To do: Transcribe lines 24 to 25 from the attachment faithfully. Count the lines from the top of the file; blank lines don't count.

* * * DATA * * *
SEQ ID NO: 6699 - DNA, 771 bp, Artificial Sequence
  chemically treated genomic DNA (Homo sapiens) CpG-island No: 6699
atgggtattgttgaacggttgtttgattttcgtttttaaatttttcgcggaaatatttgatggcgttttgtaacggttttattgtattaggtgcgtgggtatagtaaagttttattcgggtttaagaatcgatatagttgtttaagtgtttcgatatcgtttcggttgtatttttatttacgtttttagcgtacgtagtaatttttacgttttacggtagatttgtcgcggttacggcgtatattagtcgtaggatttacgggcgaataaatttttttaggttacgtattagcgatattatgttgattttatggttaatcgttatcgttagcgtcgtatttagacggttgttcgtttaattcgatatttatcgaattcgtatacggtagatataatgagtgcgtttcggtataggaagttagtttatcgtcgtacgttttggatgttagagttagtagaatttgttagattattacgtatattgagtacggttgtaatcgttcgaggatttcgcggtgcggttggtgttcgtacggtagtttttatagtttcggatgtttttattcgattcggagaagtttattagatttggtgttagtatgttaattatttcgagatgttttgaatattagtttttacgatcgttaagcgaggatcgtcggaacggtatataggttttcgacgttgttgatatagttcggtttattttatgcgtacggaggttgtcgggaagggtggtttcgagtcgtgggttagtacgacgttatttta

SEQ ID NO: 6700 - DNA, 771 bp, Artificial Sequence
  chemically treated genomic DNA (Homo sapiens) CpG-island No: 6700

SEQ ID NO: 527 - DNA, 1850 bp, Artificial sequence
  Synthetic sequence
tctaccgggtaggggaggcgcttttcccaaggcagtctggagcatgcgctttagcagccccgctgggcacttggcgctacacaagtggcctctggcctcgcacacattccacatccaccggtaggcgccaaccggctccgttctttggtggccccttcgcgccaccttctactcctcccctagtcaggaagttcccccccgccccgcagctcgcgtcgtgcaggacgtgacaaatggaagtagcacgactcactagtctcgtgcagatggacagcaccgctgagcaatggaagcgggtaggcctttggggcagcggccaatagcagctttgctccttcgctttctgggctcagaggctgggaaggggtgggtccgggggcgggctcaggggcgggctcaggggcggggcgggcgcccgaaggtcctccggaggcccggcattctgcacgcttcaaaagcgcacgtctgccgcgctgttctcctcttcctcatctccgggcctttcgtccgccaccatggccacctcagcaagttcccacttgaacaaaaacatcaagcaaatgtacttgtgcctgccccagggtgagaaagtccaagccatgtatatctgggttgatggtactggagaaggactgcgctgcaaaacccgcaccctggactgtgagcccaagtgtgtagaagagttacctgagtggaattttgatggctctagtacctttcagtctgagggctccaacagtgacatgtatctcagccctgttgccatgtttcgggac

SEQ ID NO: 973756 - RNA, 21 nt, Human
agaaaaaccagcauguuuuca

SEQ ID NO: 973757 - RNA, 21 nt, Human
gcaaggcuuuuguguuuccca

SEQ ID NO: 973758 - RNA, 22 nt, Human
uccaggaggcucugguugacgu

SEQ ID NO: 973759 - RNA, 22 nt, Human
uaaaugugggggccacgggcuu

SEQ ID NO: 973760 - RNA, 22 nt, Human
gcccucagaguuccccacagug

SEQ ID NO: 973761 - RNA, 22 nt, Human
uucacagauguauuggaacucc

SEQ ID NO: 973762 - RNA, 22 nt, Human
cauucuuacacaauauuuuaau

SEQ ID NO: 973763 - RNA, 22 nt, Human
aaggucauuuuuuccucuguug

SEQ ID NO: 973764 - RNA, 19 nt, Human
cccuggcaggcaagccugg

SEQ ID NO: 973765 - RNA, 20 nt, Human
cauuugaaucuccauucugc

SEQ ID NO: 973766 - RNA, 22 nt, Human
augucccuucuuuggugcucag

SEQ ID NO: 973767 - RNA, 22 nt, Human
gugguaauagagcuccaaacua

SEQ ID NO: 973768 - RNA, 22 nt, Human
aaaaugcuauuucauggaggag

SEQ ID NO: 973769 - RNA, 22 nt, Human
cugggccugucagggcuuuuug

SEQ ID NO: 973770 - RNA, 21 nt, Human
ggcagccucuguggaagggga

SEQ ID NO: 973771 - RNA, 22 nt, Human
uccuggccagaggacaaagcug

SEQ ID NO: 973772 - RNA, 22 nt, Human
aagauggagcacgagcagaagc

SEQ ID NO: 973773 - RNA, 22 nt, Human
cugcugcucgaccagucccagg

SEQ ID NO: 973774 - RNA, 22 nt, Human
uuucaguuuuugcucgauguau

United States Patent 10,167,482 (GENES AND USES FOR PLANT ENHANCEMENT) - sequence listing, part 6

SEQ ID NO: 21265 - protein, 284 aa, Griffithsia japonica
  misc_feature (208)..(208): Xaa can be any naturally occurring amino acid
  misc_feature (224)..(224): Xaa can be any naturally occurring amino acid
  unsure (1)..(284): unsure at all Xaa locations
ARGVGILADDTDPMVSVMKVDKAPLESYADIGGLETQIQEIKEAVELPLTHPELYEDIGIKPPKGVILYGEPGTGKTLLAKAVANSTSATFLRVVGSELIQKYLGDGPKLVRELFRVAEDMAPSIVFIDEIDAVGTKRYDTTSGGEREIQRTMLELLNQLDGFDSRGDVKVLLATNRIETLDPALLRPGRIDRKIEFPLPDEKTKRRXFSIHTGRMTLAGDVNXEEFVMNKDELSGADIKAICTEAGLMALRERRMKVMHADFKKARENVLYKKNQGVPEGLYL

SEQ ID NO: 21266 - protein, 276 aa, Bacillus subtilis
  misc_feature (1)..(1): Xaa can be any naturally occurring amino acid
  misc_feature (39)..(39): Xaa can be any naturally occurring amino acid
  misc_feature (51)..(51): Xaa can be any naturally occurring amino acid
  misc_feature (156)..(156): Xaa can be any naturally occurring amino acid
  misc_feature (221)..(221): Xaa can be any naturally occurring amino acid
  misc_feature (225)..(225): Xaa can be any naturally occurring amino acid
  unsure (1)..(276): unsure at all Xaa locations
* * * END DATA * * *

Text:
aaggucauuuuuuccucuguug

SEQ ID NO: 973764 - RNA, 19 nt, Human